Early Maori settlements clung to the shores of Westland’s lakes and lagoons, where food was plentiful. However, in their travels up and down the coast, in search of Pounamu (greenstone), the Ngāi Tahu people also become familiar with the glaciers, peaks and forests of this area.
Gold in the hills and on the beaches
Guided tour group in the 1940s, Franz Josef Glacier
Gold brought thousands to the region – within the space of one year over 1864-65 at least 16,000 miners came to the rain-soaked wilderness to line their pockets with glittering gold. The first prospectors to venture into the region of the Park followed the rivers close to the inland ranges, but in the spring of 1865 they discovered a new gold rush on the previously unexploited black beach sands. Townships sprung up from the wilderness but the heights of the gold rush didn’t last long though and just 18 months after their incredibly rapid emergence, Ōkārito, Five Mile and Gillespies were virtual ghost towns.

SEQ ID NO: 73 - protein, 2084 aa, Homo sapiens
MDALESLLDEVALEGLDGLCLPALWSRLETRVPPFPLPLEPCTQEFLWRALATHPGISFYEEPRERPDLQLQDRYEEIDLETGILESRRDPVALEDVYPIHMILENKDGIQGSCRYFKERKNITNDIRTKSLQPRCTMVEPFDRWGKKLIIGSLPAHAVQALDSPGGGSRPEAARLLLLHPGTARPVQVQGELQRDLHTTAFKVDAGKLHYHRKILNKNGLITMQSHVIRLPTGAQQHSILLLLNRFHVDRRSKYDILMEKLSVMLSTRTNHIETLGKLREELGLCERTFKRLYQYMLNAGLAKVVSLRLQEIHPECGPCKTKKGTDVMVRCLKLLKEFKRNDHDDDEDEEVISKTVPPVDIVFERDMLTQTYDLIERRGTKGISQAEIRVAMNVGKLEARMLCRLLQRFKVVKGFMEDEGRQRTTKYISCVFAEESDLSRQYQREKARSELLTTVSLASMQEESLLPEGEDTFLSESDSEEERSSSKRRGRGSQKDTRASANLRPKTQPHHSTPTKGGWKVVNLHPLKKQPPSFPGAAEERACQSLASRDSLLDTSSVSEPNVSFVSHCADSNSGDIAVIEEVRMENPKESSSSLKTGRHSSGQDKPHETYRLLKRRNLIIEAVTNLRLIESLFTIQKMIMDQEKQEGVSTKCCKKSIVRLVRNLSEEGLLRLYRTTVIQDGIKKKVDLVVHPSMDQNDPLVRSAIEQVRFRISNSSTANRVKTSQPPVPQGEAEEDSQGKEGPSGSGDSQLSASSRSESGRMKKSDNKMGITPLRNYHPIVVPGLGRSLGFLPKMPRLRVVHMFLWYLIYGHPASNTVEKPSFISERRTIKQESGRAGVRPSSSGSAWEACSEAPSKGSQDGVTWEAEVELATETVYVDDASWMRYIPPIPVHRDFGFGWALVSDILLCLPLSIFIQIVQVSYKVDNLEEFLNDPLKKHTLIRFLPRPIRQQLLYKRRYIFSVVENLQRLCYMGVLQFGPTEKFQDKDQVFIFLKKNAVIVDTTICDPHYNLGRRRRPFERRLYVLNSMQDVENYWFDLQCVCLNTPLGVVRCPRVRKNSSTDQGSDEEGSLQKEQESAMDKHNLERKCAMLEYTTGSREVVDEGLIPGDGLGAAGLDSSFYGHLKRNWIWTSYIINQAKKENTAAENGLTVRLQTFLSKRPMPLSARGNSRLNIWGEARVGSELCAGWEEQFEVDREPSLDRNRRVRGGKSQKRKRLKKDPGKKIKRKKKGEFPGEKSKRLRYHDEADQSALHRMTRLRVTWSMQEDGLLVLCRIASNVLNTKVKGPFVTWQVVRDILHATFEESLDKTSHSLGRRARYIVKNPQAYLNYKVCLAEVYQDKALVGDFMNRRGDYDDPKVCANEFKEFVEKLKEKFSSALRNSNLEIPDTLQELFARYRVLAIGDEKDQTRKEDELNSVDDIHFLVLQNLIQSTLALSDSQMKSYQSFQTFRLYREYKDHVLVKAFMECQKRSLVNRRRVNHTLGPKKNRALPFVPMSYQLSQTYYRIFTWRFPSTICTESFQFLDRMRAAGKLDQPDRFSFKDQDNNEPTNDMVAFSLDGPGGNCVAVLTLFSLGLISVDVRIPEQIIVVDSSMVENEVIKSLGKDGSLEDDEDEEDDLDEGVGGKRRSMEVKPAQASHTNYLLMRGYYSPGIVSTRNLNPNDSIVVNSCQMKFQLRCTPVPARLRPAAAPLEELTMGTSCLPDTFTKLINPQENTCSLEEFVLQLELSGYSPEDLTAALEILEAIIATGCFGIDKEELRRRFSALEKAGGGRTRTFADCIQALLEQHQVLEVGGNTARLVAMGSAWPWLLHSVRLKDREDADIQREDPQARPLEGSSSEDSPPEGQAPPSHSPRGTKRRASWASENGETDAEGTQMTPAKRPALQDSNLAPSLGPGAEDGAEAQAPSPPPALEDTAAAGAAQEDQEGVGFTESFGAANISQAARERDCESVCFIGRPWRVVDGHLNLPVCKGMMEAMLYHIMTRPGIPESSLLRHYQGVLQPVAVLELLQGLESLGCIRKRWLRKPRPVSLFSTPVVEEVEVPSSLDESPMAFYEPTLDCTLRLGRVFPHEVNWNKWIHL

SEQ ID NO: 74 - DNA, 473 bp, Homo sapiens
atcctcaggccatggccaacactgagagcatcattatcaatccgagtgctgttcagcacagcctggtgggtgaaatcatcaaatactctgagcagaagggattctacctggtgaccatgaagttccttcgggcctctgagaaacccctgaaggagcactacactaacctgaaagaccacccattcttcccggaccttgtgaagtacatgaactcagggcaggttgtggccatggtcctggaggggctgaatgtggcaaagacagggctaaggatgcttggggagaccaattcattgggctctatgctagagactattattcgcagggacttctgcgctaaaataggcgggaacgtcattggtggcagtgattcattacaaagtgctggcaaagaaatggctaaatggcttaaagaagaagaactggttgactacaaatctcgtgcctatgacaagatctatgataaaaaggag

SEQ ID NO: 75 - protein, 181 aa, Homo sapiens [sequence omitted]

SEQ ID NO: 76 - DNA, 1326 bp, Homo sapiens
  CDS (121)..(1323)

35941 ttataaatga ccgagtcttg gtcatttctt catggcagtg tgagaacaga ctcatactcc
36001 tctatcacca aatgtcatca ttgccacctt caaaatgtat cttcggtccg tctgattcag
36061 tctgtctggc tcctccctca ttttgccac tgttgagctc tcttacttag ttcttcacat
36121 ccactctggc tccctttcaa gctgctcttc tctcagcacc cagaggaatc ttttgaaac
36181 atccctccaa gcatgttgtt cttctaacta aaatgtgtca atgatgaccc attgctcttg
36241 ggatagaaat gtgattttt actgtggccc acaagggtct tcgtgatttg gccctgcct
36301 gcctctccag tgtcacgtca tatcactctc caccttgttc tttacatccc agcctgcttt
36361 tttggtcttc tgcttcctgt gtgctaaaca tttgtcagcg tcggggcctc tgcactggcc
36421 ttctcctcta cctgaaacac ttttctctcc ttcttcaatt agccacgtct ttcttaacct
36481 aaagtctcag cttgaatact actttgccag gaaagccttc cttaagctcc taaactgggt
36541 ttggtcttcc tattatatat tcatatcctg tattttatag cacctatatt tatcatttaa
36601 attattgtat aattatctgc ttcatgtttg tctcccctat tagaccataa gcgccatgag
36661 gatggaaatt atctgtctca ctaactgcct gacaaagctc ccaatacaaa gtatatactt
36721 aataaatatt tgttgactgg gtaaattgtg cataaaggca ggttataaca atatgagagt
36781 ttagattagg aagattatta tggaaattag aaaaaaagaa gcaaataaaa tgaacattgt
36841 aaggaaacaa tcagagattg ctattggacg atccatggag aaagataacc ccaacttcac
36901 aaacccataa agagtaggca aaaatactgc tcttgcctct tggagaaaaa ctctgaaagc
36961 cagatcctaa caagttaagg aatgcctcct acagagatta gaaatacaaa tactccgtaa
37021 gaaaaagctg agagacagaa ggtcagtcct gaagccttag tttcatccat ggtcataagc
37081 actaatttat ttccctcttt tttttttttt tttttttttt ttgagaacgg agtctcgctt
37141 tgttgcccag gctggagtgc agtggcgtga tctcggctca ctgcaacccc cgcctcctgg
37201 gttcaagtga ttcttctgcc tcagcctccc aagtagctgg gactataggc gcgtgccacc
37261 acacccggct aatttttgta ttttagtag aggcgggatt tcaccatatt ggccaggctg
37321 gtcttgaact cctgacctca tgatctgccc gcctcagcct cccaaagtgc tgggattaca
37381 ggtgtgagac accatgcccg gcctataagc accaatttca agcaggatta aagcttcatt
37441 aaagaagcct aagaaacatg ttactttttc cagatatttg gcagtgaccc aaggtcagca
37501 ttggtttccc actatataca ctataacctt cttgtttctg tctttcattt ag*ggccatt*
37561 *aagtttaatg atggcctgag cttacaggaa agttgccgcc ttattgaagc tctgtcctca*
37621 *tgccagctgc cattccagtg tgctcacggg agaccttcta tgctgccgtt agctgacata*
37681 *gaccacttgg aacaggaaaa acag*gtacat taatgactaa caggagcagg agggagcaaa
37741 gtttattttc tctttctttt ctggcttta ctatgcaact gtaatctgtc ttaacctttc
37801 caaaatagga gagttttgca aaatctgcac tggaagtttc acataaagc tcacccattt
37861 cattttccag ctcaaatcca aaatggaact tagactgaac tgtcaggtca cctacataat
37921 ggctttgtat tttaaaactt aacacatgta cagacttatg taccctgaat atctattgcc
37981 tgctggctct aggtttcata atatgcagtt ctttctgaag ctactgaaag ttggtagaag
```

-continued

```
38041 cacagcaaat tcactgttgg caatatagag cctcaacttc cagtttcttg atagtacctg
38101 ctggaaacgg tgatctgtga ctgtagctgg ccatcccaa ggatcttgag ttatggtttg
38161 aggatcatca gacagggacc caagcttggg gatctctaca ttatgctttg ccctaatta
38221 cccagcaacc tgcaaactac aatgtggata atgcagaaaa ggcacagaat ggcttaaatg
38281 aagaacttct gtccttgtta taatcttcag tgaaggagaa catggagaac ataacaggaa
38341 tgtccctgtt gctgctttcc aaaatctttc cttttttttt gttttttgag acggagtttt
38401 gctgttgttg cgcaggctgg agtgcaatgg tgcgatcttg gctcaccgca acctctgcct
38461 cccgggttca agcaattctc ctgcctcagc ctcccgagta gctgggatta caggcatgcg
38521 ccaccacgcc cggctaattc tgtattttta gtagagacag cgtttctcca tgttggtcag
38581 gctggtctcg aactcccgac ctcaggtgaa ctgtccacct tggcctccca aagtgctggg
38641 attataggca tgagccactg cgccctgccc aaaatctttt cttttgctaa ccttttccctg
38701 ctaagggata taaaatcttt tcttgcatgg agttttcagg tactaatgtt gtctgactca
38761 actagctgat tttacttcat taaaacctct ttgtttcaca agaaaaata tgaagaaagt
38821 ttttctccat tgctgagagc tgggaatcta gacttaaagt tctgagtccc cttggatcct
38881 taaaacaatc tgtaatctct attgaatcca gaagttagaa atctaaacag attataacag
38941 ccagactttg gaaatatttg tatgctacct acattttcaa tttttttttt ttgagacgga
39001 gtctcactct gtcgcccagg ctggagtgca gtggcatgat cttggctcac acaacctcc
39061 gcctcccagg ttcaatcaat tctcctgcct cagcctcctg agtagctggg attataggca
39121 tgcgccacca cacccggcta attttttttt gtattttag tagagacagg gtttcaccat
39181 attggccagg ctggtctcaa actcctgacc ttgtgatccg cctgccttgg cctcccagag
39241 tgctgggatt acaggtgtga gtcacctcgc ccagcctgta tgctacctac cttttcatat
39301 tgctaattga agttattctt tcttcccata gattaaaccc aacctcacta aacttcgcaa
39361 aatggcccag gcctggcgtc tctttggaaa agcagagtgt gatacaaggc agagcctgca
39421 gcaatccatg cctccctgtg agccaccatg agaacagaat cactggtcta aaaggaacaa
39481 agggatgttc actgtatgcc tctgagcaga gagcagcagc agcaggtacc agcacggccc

Visiting the glaciers
When European surveyors and explorers spread word of the stunning attractions in the west, visitors overcame difficult access to see these things for themselves. By the start of the 1900s, so many tourists were visiting the glaciers that the Government began making annual grants to hoteliers for tracks and huts. The Graham family became the backbone of early tourism. Brothers Peter and Alec were outstanding guides, leading parties up onto the ice and into the mountains. Under the expert care of the guides, hundreds of pioneer tourists experienced the thrill of walking on the glaciers, as well as further afield into the high mountains.
Formation of the National Park
Southern Alps/Kā Tiritiri o te Moana
and the South Ōkārito Forest from
the Ōkārito Trig
Suggestions that the snowfields and glaciers of the region should be added to Aoraki/Mount Cook National Park united West Coast support for a national park in Westland. Representations were favourably received by the Government and as a prelude to the Westland provincial celebrations, the Executive Council met at Greymouth and proclaimed Westland National Park by Order in Council on 29 March 1960.
View from the top of Alex Knob
During the 1970’s the focus of conservation shifted to the lowland forests of the West Coast, and the southern part of Ōkārito State Forest and Waikukupa State Forest were added to the park in early 1982.
The park was further extended in 1983 to incorporate the complete catchment of the Upper Karangarua Valley, thus establishing more natural boundaries and securing an area with distinctive ecological and scenic values. Further additions were made to the park in 2002 (North Ōkārito and Saltwater State Forests) and 2010.